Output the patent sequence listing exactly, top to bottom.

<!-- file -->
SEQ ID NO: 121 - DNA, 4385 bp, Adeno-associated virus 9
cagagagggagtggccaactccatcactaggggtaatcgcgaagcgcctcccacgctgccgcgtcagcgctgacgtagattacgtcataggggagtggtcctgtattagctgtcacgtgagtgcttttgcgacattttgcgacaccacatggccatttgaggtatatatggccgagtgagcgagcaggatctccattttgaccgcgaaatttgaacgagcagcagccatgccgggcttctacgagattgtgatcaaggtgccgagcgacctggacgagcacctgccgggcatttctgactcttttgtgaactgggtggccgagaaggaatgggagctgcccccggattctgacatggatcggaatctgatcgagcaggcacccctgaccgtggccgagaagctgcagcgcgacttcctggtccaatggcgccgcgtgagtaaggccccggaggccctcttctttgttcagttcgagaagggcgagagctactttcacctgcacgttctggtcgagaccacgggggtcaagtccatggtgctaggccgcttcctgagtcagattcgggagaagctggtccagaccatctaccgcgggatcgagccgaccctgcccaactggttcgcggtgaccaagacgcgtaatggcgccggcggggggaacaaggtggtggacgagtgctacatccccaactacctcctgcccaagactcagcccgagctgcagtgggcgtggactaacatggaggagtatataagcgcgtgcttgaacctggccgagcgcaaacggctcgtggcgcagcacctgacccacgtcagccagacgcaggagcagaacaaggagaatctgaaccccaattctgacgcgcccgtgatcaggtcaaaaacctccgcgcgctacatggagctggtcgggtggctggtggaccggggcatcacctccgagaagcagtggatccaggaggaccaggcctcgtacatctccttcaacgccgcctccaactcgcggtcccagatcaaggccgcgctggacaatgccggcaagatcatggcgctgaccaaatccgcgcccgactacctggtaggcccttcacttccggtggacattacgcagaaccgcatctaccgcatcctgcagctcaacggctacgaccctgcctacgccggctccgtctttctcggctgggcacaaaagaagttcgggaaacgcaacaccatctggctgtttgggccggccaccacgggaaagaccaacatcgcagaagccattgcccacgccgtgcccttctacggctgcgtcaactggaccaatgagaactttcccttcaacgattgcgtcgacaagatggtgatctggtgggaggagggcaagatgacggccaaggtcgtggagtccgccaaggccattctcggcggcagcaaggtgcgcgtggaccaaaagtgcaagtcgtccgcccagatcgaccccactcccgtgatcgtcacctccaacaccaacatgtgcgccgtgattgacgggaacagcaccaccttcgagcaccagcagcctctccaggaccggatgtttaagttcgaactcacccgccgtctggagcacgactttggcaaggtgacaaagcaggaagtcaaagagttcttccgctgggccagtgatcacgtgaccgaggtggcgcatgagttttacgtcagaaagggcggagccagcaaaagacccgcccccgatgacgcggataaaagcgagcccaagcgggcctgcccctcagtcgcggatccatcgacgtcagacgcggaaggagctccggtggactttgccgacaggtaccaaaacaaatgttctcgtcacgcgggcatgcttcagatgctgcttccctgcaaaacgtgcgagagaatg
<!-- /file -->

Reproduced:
SEQ ID NO: 121 - DNA, 4385 bp, Adeno-associated virus 9
cagagagggagtggccaactccatcactaggggtaatcgcgaagcgcctcccacgctgccgcgtcagcgctgacgtagattacgtcataggggagtggtcctgtattagctgtcacgtgagtgcttttgcgacattttgcgacaccacatggccatttgaggtatatatggccgagtgagcgagcaggatctccattttgaccgcgaaatttgaacgagcagcagccatgccgggcttctacgagattgtgatcaaggtgccgagcgacctggacgagcacctgccgggcatttctgactcttttgtgaactgggtggccgagaaggaatgggagctgcccccggattctgacatggatcggaatctgatcgagcaggcacccctgaccgtggccgagaagctgcagcgcgacttcctggtccaatggcgccgcgtgagtaaggccccggaggccctcttctttgttcagttcgagaagggcgagagctactttcacctgcacgttctggtcgagaccacgggggtcaagtccatggtgctaggccgcttcctgagtcagattcgggagaagctggtccagaccatctaccgcgggatcgagccgaccctgcccaactggttcgcggtgaccaagacgcgtaatggcgccggcggggggaacaaggtggtggacgagtgctacatccccaactacctcctgcccaagactcagcccgagctgcagtgggcgtggactaacatggaggagtatataagcgcgtgcttgaacctggccgagcgcaaacggctcgtggcgcagcacctgacccacgtcagccagacgcaggagcagaacaaggagaatctgaaccccaattctgacgcgcccgtgatcaggtcaaaaacctccgcgcgctacatggagctggtcgggtggctggtggaccggggcatcacctccgagaagcagtggatccaggaggaccaggcctcgtacatctccttcaacgccgcctccaactcgcggtcccagatcaaggccgcgctggacaatgccggcaagatcatggcgctgaccaaatccgcgcccgactacctggtaggcccttcacttccggtggacattacgcagaaccgcatctaccgcatcctgcagctcaacggctacgaccctgcctacgccggctccgtctttctcggctgggcacaaaagaagttcgggaaacgcaacaccatctggctgtttgggccggccaccacgggaaagaccaacatcgcagaagccattgcccacgccgtgcccttctacggctgcgtcaactggaccaatgagaactttcccttcaacgattgcgtcgacaagatggtgatctggtgggaggagggcaagatgacggccaaggtcgtggagtccgccaaggccattctcggcggcagcaaggtgcgcgtggaccaaaagtgcaagtcgtccgcccagatcgaccccactcccgtgatcgtcacctccaacaccaacatgtgcgccgtgattgacgggaacagcaccaccttcgagcaccagcagcctctccaggaccggatgtttaagttcgaactcacccgccgtctggagcacgactttggcaaggtgacaaagcaggaagtcaaagagttcttccgctgggccagtgatcacgtgaccgaggtggcgcatgagttttacgtcagaaagggcggagccagcaaaagacccgcccccgatgacgcggataaaagcgagcccaagcgggcctgcccctcagtcgcggatccatcgacgtcagacgcggaaggagctccggtggactttgccgacaggtaccaaaacaaatgttctcgtcacgcgggcatgcttcagatgctgcttccctgcaaaacgtgcgagagaatg